Type the password that you made upon creating the Aurora Database, and you will be able to get into your MySQL DB. Check Screenshot G.
A Lambda Function to Start/Stop Amazon Aurora Database
In order to make this article precise, here we will assume that readers already have prior basic knowledge of AWS. We will use the CloudWatch event to trigger a Lambda Function, which in turn starts/stops our Aurora MySQL database. But before that, we have to perform the following steps:
Step 1: Create an IAM policy that contains some permissions, as shown in Screenshot H.
Step 2: Create an IAM Role that includes the policy created above. Refer to Screenshot I.
Step 3: Create a Lambda Function by visiting the AWS Management Console using Python 3.7. See Screenshots J and K.
Step 4: Add this Python script in Function Code, which is actually responsible for starting/stopping the Aurora database. Finally, click on “Save.” Check Screenshot L.
In our Python script, we are using tag “Epsagon-Aurora-Tag” to identify the database to start/stop. We have assigned this tag name to our DB Cluster, as shown in Screenshot M.
Step 5: After this, create two rules in CloudWatch. One for starting the database instance and another for stopping it. See Screenshot N.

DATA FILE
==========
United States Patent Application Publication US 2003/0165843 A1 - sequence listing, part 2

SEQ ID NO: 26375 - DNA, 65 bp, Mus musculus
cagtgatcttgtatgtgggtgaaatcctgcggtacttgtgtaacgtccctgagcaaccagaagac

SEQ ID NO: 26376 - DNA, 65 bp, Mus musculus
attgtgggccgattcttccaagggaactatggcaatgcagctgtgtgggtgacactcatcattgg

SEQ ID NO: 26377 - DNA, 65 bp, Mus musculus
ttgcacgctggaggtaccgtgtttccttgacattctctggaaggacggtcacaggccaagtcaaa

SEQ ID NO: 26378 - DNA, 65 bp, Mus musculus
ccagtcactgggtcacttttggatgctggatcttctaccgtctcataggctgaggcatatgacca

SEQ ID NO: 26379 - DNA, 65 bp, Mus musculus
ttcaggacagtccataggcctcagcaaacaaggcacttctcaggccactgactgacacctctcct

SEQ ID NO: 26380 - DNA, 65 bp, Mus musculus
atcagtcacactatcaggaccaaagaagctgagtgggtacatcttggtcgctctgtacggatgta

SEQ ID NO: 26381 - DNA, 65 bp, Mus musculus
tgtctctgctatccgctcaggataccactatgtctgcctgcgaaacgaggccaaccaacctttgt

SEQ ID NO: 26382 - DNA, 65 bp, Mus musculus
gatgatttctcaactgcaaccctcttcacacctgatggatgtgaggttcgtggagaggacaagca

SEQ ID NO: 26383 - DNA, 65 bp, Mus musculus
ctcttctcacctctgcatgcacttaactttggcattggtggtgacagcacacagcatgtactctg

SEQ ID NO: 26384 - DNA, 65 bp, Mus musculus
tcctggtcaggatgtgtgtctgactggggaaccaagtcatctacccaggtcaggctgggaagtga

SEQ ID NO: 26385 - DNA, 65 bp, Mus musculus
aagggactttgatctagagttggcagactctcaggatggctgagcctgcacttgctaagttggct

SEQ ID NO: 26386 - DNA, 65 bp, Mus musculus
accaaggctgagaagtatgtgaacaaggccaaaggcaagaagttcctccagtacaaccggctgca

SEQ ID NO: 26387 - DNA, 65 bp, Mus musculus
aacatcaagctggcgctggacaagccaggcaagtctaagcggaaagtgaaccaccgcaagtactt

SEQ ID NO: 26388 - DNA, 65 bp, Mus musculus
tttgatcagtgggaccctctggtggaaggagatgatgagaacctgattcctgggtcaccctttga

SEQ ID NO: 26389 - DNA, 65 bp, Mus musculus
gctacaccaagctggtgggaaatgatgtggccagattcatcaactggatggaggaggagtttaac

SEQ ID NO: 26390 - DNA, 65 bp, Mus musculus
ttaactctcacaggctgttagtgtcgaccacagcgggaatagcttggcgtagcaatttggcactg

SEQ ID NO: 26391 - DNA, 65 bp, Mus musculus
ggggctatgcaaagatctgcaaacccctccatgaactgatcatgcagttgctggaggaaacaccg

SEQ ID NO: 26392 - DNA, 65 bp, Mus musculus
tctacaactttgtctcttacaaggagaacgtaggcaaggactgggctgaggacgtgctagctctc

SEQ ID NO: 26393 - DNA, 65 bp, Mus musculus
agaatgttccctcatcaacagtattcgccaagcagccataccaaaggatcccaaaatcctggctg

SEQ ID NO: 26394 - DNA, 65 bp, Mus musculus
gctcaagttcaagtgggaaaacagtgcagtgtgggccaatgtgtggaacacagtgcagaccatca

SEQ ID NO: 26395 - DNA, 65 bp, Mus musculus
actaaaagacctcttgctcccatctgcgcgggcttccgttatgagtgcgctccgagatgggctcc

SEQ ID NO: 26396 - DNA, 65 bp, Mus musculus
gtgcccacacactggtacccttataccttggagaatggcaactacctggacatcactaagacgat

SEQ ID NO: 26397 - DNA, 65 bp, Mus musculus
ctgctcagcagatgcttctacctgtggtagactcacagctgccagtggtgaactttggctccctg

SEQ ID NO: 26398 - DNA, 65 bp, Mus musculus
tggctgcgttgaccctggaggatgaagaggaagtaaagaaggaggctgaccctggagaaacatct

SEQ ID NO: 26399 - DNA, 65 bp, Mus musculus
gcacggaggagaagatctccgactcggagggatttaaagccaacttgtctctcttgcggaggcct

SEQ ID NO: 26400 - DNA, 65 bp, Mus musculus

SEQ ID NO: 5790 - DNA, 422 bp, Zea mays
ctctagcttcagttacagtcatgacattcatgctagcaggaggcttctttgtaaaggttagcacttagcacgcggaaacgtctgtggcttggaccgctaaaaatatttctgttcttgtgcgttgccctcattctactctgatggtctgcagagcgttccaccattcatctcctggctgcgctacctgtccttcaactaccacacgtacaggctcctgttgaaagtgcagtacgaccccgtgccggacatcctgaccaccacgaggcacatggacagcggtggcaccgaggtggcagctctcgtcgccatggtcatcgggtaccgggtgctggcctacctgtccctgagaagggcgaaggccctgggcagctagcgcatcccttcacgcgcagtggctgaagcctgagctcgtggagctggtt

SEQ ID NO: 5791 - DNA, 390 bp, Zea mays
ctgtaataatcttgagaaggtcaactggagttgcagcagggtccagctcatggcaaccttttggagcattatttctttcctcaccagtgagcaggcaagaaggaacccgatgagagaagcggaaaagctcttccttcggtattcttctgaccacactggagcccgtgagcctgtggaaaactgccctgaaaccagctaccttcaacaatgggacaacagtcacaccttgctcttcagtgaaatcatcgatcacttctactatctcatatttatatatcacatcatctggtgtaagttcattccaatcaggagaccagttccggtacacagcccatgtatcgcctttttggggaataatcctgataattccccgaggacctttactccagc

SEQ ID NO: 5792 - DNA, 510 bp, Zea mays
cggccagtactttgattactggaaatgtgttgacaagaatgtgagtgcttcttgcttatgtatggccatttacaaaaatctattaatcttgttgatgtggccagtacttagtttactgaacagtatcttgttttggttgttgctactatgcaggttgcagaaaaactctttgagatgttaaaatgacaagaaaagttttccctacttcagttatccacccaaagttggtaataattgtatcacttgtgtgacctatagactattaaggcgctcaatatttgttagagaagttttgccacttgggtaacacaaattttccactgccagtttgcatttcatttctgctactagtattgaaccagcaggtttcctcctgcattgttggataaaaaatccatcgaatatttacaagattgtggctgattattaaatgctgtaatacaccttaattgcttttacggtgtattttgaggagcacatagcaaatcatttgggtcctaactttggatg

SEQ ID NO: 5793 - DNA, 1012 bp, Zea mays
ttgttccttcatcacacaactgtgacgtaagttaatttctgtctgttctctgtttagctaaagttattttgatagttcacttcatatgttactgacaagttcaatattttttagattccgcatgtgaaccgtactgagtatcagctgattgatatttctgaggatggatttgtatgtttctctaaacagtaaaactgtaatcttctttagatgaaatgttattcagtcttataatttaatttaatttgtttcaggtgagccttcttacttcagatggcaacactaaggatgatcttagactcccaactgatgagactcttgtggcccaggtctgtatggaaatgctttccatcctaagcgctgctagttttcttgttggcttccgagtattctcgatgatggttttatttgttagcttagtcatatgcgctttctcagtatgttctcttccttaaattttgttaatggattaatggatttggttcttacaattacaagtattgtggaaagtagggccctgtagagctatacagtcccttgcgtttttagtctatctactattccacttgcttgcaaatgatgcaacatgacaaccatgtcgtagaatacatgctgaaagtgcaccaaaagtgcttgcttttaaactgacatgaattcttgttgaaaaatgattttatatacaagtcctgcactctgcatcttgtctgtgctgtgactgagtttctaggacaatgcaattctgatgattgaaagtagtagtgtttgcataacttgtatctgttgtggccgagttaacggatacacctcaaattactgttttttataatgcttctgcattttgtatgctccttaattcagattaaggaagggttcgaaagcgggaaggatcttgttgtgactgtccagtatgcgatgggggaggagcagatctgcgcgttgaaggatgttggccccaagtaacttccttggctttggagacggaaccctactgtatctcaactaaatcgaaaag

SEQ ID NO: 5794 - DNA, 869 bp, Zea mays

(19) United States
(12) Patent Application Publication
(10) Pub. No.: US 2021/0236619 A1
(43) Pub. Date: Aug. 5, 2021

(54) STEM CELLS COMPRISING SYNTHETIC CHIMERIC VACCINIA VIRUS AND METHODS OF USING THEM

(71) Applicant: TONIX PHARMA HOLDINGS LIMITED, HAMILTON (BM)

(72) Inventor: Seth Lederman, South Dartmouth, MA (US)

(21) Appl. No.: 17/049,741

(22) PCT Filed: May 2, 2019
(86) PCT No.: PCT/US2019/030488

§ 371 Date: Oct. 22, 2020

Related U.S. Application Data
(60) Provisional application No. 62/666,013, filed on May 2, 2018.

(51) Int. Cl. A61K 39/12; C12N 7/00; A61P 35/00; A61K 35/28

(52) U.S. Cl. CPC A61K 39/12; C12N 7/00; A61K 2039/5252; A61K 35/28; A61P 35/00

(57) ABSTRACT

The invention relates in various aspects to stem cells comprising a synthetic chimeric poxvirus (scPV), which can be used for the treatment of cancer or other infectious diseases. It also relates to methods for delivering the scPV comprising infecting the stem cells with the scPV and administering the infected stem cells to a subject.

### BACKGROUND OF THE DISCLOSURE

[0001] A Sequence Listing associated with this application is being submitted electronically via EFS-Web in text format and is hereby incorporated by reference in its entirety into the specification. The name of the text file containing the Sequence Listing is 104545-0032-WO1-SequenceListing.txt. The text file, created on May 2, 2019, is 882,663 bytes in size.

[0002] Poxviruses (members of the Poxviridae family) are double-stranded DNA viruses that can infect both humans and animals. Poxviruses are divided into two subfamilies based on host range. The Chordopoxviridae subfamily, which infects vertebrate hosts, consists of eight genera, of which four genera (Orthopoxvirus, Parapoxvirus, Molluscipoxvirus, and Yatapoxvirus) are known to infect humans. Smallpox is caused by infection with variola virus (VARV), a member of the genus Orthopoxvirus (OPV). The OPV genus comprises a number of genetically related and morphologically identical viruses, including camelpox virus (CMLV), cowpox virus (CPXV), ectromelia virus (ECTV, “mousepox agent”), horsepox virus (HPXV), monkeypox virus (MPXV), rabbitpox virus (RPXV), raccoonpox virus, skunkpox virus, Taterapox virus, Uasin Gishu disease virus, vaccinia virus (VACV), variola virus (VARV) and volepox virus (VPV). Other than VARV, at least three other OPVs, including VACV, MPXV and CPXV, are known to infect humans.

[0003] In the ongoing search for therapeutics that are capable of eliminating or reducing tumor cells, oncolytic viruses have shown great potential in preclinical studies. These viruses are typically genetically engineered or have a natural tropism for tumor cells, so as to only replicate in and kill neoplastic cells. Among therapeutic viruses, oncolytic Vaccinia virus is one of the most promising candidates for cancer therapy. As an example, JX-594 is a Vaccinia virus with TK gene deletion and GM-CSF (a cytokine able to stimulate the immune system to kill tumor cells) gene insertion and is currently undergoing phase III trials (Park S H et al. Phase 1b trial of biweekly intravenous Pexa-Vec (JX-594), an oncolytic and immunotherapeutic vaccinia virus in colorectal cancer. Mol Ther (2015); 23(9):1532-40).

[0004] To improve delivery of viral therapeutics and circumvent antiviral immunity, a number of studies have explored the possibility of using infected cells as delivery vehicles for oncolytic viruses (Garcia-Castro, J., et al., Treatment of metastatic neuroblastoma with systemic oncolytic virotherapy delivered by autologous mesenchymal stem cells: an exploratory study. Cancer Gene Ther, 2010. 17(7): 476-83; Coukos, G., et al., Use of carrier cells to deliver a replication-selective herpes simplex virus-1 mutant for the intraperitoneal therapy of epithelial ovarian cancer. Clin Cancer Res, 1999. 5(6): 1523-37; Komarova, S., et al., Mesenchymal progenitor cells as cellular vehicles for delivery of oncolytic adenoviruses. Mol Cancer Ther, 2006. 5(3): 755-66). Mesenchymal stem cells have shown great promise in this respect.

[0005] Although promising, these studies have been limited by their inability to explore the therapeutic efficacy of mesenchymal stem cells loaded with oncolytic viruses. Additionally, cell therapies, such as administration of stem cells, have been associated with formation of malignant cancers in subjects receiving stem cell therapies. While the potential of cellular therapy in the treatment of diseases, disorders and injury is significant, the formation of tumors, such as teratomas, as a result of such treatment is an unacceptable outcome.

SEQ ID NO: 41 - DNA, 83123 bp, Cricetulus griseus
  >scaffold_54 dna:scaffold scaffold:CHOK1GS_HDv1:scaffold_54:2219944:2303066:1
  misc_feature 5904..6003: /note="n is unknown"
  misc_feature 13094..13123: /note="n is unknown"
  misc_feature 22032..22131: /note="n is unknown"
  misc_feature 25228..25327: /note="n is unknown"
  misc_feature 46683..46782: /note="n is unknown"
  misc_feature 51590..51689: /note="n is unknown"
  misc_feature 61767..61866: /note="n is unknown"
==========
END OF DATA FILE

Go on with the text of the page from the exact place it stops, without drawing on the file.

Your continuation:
Step 6: In order to test the Lambda Function, adjust the Rules created above to trigger every minute, and check your CloudWatch logs to see the action performed by the Lambda function. In Screenshots O and P, you will see the Aurora database has been successfully started and stopped.
Monitoring Amazon Aurora with AWS CloudWatch
CloudWatch enables you to easily monitor the health of your database instances with the help of informative graphs. In order to use CloudWatch, you just need to click on “Monitoring,” while creating the Aurora Database. Check Screenshot Q.
Once your database is up and running, you can now directly monitor your database either from the CloudWatch dashboard or from the Database Monitoring tab, as shown in Screenshots R and S below.
Amazon Aurora is currently ruling the IT market. This is due to many reasons, which we have tried to cover in this piece. Amazon is also continuously working on making improvements and creating new features to make it even more popular worldwide.